Rasch measures of form constancy of letters and numbers, and letters in words for young children

Document Type

Book Chapter


Nova Science Publishers


Faculty of Education and Arts


School of Education / Fogarty Learning Centre




This chapter was originally published as: Richmond, J. E., Waugh, R. F., & Konza, D. M. (2010). Rasch measures of form constancy of letters and numbers, and letters in words for young children. In Russell Waugh (Eds.). Specialized Rasch measures applied at the forefront of education (pp. 67-84). Hauppauge, New York: Nova Science Publishers.Original book available here.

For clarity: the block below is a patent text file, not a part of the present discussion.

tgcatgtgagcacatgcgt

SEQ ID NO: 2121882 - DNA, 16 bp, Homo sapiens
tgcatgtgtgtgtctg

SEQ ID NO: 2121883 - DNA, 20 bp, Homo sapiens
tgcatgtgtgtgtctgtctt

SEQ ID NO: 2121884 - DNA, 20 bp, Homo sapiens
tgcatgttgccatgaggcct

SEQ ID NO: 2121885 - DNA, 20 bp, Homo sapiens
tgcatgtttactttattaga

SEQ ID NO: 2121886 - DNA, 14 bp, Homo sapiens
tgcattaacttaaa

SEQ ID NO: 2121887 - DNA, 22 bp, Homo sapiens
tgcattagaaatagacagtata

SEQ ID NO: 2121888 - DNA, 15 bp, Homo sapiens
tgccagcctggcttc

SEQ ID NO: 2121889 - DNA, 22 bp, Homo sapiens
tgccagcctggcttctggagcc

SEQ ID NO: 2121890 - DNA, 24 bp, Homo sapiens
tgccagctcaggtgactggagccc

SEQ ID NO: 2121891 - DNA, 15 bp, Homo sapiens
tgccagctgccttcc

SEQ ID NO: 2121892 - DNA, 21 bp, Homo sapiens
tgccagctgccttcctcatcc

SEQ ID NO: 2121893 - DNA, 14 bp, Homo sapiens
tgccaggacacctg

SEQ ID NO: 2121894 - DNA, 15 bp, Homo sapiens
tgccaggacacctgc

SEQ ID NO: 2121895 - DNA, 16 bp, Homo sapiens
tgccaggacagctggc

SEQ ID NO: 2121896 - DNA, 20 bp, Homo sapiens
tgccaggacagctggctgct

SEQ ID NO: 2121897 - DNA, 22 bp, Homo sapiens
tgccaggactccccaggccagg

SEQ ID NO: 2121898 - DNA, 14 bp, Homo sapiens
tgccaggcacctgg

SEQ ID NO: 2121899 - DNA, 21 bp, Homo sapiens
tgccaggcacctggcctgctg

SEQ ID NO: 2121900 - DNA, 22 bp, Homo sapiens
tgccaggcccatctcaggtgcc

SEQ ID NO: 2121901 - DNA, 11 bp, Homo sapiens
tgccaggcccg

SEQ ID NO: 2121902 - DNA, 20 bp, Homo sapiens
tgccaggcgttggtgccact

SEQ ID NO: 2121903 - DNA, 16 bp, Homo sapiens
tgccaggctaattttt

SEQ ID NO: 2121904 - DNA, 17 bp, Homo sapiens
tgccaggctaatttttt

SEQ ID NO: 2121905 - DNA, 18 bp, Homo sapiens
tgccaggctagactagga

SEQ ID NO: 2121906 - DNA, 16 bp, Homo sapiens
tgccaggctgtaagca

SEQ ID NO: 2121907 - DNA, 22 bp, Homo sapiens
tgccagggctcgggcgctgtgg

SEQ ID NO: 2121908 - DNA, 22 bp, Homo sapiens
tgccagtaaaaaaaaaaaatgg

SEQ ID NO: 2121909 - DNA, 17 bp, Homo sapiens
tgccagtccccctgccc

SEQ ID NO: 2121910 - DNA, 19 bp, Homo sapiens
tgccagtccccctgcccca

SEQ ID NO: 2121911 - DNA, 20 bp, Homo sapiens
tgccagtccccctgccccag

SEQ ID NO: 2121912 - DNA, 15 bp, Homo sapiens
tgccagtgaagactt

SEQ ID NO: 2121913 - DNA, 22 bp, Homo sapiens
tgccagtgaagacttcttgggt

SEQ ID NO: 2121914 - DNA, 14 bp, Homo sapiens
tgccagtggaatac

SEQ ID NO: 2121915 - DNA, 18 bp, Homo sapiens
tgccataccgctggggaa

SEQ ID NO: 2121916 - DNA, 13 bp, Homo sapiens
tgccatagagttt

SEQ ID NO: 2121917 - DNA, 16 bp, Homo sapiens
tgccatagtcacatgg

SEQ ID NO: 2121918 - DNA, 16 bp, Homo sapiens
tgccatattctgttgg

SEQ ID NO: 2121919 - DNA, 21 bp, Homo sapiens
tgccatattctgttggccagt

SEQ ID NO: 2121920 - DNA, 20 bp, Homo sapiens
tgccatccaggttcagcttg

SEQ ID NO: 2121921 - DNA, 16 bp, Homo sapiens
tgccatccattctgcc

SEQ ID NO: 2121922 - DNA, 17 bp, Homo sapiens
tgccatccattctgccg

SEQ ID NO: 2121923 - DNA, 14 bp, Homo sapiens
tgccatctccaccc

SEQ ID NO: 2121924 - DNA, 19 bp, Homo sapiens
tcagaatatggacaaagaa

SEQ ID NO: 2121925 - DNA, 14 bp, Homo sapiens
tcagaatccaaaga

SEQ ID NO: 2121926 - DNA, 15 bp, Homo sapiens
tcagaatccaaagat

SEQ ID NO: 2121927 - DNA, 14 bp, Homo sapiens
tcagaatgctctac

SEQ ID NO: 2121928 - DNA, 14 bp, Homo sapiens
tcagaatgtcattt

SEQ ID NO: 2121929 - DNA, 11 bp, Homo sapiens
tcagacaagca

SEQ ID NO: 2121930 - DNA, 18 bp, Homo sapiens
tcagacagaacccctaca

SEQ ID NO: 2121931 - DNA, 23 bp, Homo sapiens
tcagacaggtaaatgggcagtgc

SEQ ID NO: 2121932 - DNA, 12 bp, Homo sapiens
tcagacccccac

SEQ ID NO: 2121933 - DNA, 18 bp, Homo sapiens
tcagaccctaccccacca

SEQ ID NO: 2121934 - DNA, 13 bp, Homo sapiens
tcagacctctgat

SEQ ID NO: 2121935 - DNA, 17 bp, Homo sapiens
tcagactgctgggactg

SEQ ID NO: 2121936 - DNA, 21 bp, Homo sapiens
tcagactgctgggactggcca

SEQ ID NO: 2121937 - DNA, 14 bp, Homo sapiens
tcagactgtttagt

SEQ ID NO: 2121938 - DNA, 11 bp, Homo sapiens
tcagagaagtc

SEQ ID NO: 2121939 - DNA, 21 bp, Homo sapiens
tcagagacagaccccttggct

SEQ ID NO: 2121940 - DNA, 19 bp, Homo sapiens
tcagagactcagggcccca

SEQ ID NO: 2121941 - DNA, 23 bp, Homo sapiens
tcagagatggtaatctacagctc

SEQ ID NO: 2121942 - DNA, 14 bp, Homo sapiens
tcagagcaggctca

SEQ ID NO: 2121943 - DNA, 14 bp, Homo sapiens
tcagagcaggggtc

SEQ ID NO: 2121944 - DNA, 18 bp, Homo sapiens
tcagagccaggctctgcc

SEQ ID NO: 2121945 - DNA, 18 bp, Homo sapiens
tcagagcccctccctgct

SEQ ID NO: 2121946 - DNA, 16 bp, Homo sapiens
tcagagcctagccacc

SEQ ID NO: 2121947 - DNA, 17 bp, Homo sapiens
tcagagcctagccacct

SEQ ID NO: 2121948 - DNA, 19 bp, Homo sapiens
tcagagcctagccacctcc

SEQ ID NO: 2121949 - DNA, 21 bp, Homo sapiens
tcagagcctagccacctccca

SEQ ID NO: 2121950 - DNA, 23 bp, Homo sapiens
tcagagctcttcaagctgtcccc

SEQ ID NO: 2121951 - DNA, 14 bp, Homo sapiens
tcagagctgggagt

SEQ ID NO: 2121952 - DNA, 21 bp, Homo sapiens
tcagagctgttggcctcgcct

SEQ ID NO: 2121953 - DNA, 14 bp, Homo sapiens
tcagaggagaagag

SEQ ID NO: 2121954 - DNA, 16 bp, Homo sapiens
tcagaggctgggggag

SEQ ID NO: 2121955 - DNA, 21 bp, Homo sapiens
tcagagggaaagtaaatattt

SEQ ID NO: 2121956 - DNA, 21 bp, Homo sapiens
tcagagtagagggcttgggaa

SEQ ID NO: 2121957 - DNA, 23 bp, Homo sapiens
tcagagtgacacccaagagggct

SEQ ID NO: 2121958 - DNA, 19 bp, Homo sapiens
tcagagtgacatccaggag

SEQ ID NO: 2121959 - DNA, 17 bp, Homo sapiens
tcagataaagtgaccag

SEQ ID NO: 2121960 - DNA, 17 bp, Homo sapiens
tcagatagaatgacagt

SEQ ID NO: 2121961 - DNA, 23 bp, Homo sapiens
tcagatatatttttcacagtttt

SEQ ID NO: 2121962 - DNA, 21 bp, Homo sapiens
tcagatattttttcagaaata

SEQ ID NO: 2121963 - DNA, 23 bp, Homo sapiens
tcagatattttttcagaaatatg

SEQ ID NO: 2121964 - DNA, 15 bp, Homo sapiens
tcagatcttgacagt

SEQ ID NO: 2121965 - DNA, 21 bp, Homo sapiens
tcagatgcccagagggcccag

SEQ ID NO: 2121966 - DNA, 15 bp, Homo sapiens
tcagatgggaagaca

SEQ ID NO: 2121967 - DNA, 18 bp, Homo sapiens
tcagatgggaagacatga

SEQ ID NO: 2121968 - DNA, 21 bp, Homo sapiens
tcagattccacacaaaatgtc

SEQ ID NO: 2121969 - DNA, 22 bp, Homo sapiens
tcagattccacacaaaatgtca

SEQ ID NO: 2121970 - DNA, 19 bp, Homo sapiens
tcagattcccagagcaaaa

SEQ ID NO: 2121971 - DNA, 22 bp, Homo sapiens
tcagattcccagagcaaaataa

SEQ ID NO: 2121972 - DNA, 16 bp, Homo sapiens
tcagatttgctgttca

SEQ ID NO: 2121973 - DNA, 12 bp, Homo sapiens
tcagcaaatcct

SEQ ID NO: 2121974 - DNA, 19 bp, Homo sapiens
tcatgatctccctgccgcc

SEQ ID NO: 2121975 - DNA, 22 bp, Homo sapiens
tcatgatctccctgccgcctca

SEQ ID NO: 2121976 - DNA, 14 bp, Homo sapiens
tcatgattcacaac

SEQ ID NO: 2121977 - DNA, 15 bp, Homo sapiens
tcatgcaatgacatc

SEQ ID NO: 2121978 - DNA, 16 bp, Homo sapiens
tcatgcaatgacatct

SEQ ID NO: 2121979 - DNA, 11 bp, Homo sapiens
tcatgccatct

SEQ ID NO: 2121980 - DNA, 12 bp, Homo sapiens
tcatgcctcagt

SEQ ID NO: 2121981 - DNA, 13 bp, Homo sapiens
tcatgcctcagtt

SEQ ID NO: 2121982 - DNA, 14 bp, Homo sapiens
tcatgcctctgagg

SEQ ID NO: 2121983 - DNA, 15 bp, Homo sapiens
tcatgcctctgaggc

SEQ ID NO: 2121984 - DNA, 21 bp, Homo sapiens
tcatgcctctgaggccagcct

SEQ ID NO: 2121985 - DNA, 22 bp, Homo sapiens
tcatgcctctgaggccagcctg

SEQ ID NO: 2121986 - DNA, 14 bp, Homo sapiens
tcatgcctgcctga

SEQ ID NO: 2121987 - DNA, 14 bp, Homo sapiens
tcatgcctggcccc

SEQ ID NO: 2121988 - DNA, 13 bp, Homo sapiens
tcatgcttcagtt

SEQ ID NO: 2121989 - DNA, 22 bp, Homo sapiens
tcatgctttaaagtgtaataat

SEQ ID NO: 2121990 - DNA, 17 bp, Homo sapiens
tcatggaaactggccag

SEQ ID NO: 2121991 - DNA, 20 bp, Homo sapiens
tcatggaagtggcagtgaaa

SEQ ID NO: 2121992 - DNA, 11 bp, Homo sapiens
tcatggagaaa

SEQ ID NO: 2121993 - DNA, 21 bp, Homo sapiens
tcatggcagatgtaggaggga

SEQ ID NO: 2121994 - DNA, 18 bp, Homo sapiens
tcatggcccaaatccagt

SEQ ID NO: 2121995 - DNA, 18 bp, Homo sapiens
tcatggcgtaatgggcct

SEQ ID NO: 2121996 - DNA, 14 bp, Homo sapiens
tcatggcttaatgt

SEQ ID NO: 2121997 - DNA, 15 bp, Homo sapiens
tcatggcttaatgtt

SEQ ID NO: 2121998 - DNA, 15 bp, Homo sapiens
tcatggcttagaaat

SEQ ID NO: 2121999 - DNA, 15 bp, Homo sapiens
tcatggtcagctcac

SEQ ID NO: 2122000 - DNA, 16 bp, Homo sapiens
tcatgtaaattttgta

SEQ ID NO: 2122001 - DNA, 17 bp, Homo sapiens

English and number literacy are very important topics and the Australian Government runs numeracy and literacy tests, administered through the State Education Departments, for all Year 3 (8 years old), Year 5 (10 years old) and Year 7 (12 years old) students. Results of these tests are reported to schools and parents with a view to ensuring that all children meet certain literacy standards and that children who are ‘falling behind’ are detected early so that remedial work can be given. Rasch measures were then created with the RUMM2020 computer program for visual discrimination regarding Form Constancy of Letters and Numbers (FCL&N) and Letters in Words (LinW). The student sample was N=324 pre-primary and primary students in Perth, Western Australia, aged 4-9 years old. Data on 24 items for FCL&N and 75 items for LinW, where each item was scored in one of two categories (wrong scored zero and correct scored one), were Rasch analysed to create two linear scales. Six of the initial 24 items for FCL&N were deleted due to item misfit statistics, leaving 18 items. Forty-one of the original 75 items for LinW were deleted due to item misfit, leaving 34 items. The final data for FCL&N and LinW were used to create two highly reliable, linear, uni-dimensional scales (Student Separation Indices of 0.94 and 0.97 and Cronbach Alphas of 0.94 and 0.97, respectively) where the items are ordered from easy to hard and the student measures from low to high on the same scale. The two scales showed no statistically significant interaction of student measures on item difficulties along the scale, meaning that there was good agreement about the item difficulties along each scale, and each scale was unidimensional. The item-trait chi-squares are respectively, χ² = 69.69, df=54, p=0.07, and χ² = 117.59, df=102, p=0.14. The fit residual statistics for each of the two scales was reasonable and the targeting was reasonable.